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Posts: n/a
 
      03-24-2008
Rahul wrote:
> Hi Everyone,
>
> I want to invoke a c function ( object file created by cc ) from a
> cpp function ( object file is created using g++ ). When i try to link,
> both the object files using g++
>
> g++ cfile.o cppfile.o
>
> i get an error saying,
>
> : undefined reference to `fun()'
> collect2: ld returned 1 exit status
>
> Note that the fun() is the c function defined in cfile.c. I can't use
> cc to link both the object files as the master file is a cpp source
> file.
>
> Is there anyway to get this done? I know the method of using extern
> "C" but that works only when a cpp function ( object file created in g+
> + ) is to be invoked from a c function ( object file created in cc ).


I believe that's exactly what extern "C" is for. Show us the
chunk-o-code that exhibits this problem.
 
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Rahul
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Posts: n/a
 
      03-24-2008
On Mar 24, 4:39 pm, "Alf P. Steinbach" <(E-Mail Removed)> wrote:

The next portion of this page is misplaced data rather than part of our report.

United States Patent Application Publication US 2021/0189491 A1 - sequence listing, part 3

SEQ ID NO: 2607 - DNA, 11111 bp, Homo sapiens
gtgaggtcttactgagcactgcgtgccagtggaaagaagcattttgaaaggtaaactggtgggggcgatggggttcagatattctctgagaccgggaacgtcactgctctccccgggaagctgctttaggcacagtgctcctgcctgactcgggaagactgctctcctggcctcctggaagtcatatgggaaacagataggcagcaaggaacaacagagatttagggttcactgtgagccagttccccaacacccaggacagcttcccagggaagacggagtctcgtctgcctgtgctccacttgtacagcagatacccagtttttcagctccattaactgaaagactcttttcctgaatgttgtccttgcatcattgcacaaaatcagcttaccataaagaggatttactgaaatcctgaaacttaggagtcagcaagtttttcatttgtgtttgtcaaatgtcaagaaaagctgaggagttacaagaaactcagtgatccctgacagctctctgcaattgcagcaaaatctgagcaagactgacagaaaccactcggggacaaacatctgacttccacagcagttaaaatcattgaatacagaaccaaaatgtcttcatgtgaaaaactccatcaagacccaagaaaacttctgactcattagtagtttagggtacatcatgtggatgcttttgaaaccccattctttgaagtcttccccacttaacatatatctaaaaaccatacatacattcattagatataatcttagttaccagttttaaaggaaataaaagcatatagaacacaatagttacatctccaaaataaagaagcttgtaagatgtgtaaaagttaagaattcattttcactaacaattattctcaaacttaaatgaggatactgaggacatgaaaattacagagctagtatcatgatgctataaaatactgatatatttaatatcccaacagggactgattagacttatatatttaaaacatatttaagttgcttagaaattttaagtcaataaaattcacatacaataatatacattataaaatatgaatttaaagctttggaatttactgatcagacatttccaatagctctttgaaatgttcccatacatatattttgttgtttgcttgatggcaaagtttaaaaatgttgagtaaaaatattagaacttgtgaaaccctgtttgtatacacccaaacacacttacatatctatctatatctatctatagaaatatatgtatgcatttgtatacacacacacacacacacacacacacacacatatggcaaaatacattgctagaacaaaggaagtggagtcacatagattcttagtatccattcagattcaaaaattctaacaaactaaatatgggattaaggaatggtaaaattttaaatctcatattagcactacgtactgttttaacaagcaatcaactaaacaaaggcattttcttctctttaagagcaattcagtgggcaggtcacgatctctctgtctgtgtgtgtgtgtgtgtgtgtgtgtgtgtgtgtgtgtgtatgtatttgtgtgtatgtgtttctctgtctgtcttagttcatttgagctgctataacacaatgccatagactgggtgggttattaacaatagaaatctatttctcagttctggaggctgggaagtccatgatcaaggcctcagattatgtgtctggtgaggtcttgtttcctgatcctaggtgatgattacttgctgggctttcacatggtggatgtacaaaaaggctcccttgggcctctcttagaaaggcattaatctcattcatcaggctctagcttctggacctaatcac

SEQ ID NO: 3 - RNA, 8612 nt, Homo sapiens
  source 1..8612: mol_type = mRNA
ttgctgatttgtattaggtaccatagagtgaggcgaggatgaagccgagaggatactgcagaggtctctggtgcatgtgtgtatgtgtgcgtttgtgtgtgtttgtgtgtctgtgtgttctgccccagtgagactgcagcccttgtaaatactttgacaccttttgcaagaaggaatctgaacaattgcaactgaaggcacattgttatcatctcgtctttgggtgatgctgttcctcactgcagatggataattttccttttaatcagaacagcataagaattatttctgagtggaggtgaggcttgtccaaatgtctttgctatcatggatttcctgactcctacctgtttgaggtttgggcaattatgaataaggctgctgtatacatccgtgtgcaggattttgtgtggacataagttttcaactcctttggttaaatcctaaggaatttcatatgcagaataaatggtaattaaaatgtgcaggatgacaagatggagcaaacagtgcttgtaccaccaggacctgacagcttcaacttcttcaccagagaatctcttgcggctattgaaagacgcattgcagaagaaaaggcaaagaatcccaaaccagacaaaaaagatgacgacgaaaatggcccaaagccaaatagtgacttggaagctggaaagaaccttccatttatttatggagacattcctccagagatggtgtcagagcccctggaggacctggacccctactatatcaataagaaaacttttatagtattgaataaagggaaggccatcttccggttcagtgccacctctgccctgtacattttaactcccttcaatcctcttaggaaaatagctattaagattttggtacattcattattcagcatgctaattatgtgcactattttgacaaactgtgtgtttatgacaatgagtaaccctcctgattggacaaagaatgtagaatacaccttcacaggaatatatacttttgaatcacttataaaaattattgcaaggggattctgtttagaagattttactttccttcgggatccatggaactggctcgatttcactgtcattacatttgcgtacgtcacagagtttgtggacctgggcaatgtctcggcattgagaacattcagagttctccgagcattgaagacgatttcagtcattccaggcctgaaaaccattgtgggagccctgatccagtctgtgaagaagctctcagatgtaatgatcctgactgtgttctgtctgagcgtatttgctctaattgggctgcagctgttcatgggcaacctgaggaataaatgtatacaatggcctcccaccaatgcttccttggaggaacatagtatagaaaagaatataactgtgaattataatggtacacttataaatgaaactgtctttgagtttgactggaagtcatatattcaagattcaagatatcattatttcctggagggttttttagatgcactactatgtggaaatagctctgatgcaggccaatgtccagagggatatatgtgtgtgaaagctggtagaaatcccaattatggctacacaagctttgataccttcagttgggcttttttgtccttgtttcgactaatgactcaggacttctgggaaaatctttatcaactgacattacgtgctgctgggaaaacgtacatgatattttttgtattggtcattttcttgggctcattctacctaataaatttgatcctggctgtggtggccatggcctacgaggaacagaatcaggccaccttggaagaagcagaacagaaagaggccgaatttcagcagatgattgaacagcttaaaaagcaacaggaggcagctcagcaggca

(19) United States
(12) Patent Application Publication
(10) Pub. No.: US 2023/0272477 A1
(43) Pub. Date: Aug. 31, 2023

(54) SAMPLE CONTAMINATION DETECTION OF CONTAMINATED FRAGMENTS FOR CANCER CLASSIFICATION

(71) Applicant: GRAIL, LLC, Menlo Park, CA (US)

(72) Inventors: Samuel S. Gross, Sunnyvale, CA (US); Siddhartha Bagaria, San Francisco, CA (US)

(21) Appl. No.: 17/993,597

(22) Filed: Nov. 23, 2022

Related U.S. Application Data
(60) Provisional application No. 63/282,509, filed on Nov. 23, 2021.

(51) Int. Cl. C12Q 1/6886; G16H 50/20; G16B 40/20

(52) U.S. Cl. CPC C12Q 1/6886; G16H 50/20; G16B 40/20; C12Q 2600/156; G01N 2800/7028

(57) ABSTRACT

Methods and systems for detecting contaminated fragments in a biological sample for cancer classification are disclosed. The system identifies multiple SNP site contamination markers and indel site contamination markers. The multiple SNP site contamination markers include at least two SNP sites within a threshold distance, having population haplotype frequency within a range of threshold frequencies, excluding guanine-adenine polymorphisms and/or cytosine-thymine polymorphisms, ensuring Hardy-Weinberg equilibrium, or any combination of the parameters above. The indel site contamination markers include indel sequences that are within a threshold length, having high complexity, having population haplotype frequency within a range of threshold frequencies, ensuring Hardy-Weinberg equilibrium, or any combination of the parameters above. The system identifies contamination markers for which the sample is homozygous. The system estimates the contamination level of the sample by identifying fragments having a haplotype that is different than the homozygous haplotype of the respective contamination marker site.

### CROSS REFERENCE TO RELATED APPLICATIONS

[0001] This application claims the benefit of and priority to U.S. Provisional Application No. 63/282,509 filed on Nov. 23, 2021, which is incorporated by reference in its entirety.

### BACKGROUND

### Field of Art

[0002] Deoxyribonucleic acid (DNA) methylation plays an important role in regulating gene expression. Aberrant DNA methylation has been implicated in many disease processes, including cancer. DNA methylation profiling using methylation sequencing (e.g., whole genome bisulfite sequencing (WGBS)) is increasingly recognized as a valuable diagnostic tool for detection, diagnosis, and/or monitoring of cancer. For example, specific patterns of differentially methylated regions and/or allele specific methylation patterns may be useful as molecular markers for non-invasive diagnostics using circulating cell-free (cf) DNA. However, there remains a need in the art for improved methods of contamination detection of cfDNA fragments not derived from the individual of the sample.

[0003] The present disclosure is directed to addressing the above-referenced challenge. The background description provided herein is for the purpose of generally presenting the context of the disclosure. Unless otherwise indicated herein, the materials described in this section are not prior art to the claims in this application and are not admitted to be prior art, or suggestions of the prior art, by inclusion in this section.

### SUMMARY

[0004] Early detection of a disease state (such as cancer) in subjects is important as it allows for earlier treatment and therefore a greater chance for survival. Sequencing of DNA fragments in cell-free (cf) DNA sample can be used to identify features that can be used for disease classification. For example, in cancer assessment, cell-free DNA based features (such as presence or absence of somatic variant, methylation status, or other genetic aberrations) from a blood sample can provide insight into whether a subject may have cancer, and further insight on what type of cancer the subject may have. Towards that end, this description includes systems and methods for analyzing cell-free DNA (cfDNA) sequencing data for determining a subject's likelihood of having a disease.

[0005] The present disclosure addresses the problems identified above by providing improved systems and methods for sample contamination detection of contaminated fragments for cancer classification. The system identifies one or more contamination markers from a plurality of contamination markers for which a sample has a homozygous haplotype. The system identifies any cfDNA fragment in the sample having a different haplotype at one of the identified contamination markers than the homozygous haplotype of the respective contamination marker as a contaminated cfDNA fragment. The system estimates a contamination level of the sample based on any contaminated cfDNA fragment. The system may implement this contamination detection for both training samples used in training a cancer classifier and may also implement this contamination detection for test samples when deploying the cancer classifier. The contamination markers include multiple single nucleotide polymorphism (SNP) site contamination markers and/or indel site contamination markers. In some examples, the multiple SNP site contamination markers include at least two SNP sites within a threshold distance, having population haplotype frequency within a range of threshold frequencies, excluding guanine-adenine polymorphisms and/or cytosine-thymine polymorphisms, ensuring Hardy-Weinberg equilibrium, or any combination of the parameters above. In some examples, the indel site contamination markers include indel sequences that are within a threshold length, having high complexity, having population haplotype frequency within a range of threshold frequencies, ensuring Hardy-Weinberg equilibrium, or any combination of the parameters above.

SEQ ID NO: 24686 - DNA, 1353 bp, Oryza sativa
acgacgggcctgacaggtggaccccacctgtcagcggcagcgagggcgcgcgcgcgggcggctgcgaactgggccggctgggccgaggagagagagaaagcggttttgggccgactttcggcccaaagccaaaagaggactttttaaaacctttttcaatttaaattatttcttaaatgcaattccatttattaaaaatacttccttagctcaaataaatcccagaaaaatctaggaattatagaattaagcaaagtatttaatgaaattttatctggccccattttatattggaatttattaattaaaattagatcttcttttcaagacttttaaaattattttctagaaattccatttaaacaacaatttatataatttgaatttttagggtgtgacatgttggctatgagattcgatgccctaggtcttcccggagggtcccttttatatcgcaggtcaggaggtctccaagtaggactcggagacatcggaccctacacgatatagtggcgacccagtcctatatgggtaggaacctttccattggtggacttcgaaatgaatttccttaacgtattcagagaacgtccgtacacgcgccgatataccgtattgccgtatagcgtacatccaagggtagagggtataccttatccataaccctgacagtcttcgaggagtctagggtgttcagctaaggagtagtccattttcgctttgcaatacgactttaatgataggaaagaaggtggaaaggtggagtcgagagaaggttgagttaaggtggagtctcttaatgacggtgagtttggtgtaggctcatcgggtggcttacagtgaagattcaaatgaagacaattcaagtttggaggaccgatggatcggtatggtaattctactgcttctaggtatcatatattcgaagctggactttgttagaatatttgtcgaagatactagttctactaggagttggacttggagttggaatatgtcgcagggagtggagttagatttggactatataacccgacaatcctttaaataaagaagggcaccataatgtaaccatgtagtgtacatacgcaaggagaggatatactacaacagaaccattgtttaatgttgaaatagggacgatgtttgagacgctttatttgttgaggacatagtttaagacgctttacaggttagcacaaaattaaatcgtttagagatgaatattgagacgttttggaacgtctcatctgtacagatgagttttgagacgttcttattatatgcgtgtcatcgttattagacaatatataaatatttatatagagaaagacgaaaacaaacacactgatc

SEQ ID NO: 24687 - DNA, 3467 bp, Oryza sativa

> * Rahul:
>
>
>
>
>
> > I want to invoke a c function ( object file created by cc ) from a
> > cpp function ( object file is created using g++ ). When i try to link,
> > both the object files using g++

>
> > g++ cfile.o cppfile.o

>
> > i get an error saying,

>
> > : undefined reference to `fun()'
> > collect2: ld returned 1 exit status

>
> > Note that the fun() is the c function defined in cfile.c. I can't use
> > cc to link both the object files as the master file is a cpp source
> > file.

>
> > Is there anyway to get this done? I know the method of using extern
> > "C" but that works only when a cpp function ( object file created in g+
> > + ) is to be invoked from a c function ( object file created in cc ).

>
> Well that is incorrect.
>
> > Thanks in advance ! ! !

>
> This is a FAQ.
>
> See the FAQ.
>
> Cheers, & hth.,
>
> - Alf
>
> --
> A: Because it messes up the order in which people normally read text.
> Q: Why is it such a bad thing?
> A: Top-posting.